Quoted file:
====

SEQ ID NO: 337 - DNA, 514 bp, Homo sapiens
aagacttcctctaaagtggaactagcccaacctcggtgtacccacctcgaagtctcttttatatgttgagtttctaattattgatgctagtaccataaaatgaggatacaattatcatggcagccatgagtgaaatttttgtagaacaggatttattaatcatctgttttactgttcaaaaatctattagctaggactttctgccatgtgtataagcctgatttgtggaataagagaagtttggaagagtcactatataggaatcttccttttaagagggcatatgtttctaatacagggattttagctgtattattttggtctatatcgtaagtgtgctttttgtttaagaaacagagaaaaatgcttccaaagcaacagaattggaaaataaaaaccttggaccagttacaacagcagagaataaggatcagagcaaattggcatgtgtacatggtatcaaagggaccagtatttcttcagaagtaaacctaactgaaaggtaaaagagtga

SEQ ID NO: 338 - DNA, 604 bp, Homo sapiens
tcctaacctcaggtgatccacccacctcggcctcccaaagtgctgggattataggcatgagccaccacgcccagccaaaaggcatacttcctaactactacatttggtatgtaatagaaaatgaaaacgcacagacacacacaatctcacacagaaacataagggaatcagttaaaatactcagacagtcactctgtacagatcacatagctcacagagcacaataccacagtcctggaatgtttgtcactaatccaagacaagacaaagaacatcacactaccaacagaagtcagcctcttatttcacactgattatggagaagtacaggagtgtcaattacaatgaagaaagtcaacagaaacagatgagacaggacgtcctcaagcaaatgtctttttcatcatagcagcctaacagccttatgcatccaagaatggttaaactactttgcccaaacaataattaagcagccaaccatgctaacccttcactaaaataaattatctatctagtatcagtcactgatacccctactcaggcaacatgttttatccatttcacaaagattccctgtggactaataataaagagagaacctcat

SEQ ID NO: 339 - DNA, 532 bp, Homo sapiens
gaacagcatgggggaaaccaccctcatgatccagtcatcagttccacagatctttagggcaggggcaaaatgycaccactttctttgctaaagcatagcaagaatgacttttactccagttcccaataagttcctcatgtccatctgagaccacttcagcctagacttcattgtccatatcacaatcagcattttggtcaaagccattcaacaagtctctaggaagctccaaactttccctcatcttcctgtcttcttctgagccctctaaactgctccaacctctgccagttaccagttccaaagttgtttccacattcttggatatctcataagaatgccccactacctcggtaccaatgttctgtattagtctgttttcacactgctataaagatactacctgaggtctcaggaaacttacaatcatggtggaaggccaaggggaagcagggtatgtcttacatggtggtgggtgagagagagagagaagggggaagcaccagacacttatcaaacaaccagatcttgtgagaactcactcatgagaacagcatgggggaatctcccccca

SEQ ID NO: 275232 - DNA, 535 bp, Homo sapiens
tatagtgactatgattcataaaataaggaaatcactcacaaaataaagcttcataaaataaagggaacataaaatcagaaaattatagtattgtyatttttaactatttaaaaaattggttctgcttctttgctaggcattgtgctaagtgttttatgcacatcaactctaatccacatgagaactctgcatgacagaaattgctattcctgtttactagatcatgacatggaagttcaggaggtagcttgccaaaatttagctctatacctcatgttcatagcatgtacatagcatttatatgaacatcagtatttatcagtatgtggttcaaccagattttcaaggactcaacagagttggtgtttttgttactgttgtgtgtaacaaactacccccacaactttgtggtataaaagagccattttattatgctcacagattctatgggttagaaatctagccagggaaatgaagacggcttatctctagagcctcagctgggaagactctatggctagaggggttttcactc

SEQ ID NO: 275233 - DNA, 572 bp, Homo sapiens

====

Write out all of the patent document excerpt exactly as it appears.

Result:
SEQ ID NO: 337 - DNA, 514 bp, Homo sapiens
aagacttcctctaaagtggaactagcccaacctcggtgtacccacctcgaagtctcttttatatgttgagtttctaattattgatgctagtaccataaaatgaggatacaattatcatggcagccatgagtgaaatttttgtagaacaggatttattaatcatctgttttactgttcaaaaatctattagctaggactttctgccatgtgtataagcctgatttgtggaataagagaagtttggaagagtcactatataggaatcttccttttaagagggcatatgtttctaatacagggattttagctgtattattttggtctatatcgtaagtgtgctttttgtttaagaaacagagaaaaatgcttccaaagcaacagaattggaaaataaaaaccttggaccagttacaacagcagagaataaggatcagagcaaattggcatgtgtacatggtatcaaagggaccagtatttcttcagaagtaaacctaactgaaaggtaaaagagtga

SEQ ID NO: 338 - DNA, 604 bp, Homo sapiens
tcctaacctcaggtgatccacccacctcggcctcccaaagtgctgggattataggcatgagccaccacgcccagccaaaaggcatacttcctaactactacatttggtatgtaatagaaaatgaaaacgcacagacacacacaatctcacacagaaacataagggaatcagttaaaatactcagacagtcactctgtacagatcacatagctcacagagcacaataccacagtcctggaatgtttgtcactaatccaagacaagacaaagaacatcacactaccaacagaagtcagcctcttatttcacactgattatggagaagtacaggagtgtcaattacaatgaagaaagtcaacagaaacagatgagacaggacgtcctcaagcaaatgtctttttcatcatagcagcctaacagccttatgcatccaagaatggttaaactactttgcccaaacaataattaagcagccaaccatgctaacccttcactaaaataaattatctatctagtatcagtcactgatacccctactcaggcaacatgttttatccatttcacaaagattccctgtggactaataataaagagagaacctcat

SEQ ID NO: 339 - DNA, 532 bp, Homo sapiens
gaacagcatgggggaaaccaccctcatgatccagtcatcagttccacagatctttagggcaggggcaaaatgycaccactttctttgctaaagcatagcaagaatgacttttactccagttcccaataagttcctcatgtccatctgagaccacttcagcctagacttcattgtccatatcacaatcagcattttggtcaaagccattcaacaagtctctaggaagctccaaactttccctcatcttcctgtcttcttctgagccctctaaactgctccaacctctgccagttaccagttccaaagttgtttccacattcttggatatctcataagaatgccccactacctcggtaccaatgttctgtattagtctgttttcacactgctataaagatactacctgaggtctcaggaaacttacaatcatggtggaaggccaaggggaagcagggtatgtcttacatggtggtgggtgagagagagagagaagggggaagcaccagacacttatcaaacaaccagatcttgtgagaactcactcatgagaacagcatgggggaatctcccccca

SEQ ID NO: 275232 - DNA, 535 bp, Homo sapiens
tatagtgactatgattcataaaataaggaaatcactcacaaaataaagcttcataaaataaagggaacataaaatcagaaaattatagtattgtyatttttaactatttaaaaaattggttctgcttctttgctaggcattgtgctaagtgttttatgcacatcaactctaatccacatgagaactctgcatgacagaaattgctattcctgtttactagatcatgacatggaagttcaggaggtagcttgccaaaatttagctctatacctcatgttcatagcatgtacatagcatttatatgaacatcagtatttatcagtatgtggttcaaccagattttcaaggactcaacagagttggtgtttttgttactgttgtgtgtaacaaactacccccacaactttgtggtataaaagagccattttattatgctcacagattctatgggttagaaatctagccagggaaatgaagacggcttatctctagagcctcagctgggaagactctatggctagaggggttttcactc

SEQ ID NO: 275233 - DNA, 572 bp, Homo sapiens